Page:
Britain's manufacturers have seen export orders reach a two-year high thanks to the plunge in the value of the pound following the Brexit vote, a report has said.
The CBI Industrial Trends Survey said export orders reached their highest since August 2014, hitting minus 6 this month, up from minus 22 in July.
Total orders came in above expectations, dropping to minus 5 in August, down from minus 4 in July, but above economists' predictions of a fall of minus 10.
The report said the slide in sterling appeared to be fuelling stronger overseas demand, with chemical manufacturers accounting for more than half of the rise in orders.
However, it added price expectations for three months ahead rose to its highest level since February 2015, triggered in part by the rising cost of raw material following the fall in the UK currency.
The results of the report have been echoed by Ben Stocks, group chief executive at Porvair, who said the pound's weakness was proving to be a ‘double-edged sword.’
Porvair is headquartered in Kings Lynn with manufacturing facilities in Fareham, Wrexham and Southampton and saw revenue rise by 13% to £52.1m during the six months to 31 May.
Stocks said: “As a manufacturer of aerospace components and industrial filtration products, the weakening of the pound will definitely help us as an exporter.
“Currently we export around 80% of our goods, with the USA making up approximately 50% of this, followed by Southeast Asia and Europe.
“It will provide a benefit when entering into pricing discussions, however we tend to work on longer lead times – jobs might last several years – so prices change slowly and pricing discussions can be infrequent.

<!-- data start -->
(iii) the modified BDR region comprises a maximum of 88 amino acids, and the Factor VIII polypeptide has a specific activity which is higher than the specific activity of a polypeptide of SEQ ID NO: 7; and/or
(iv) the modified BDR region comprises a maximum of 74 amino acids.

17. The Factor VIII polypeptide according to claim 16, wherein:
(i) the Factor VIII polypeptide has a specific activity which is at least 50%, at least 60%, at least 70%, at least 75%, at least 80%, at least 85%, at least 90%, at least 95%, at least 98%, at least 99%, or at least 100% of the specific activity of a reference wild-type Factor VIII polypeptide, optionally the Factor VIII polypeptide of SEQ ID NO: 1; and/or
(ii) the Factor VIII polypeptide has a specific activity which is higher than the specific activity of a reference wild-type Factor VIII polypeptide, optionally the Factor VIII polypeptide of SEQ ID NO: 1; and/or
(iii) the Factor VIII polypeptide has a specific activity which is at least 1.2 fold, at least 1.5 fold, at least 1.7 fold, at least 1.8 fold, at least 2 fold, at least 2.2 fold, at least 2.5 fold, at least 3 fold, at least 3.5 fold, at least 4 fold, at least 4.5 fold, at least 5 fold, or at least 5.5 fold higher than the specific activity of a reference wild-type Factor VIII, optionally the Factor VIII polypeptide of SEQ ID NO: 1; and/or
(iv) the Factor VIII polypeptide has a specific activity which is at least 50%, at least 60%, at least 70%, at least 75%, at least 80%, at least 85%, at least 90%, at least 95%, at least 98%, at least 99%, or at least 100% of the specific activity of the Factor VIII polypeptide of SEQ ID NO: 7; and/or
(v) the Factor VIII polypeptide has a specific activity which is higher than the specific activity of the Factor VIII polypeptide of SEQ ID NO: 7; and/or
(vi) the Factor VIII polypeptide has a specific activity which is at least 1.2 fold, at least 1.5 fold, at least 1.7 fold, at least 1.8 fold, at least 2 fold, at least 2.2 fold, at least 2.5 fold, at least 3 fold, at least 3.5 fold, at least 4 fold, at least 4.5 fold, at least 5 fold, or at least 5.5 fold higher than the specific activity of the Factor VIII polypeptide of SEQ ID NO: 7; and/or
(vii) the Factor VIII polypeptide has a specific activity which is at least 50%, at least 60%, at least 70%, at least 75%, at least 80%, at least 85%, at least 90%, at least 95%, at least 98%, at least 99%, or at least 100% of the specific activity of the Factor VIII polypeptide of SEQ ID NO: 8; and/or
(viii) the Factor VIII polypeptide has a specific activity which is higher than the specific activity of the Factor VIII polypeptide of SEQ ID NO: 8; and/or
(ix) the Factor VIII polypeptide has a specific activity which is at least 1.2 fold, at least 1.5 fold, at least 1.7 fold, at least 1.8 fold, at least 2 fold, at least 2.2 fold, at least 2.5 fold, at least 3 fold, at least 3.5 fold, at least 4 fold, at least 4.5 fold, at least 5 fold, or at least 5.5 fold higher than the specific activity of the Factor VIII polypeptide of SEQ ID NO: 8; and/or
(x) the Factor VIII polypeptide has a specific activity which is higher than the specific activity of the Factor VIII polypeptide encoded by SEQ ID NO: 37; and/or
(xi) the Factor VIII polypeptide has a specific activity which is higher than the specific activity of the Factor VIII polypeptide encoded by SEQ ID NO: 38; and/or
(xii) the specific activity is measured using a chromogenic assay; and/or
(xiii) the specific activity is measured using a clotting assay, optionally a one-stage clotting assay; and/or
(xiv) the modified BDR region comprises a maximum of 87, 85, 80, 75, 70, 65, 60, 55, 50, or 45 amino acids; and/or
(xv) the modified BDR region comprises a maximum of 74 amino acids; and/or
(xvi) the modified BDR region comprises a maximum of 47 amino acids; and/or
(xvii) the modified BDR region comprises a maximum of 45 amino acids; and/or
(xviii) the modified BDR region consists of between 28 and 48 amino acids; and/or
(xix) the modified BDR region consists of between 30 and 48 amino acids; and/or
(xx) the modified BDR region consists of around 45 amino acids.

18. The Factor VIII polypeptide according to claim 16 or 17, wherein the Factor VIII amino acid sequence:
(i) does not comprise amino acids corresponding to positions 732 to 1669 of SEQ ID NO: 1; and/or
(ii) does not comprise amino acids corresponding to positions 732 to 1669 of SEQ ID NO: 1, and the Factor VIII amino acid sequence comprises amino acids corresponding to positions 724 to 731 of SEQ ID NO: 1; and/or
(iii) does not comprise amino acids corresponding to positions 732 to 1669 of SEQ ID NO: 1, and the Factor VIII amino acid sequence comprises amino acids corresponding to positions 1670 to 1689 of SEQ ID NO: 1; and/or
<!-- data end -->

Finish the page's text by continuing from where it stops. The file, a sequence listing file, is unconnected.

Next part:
“The flipside is that buying assets or raw materials from overseas becomes more expensive.
“So far our order book has remained the same since the Brexit vote, we had a strong pipeline of work beforehand and we continue to do so. This is always subject to change of course; we’ll see what happens.”
The survey by the CBI of 505 firms also found that average price increases in the three months to November hit plus 8 in August, up from plus 5 in July.
It said manufacturers producing coke and petroleum had the highest expectation of output price inflation for the next three months, while printers and publishers are expecting prices to fall the most.
It added that the measure of output expectations for the three months ahead was plus 11 in August, rising from plus 6 the month before.
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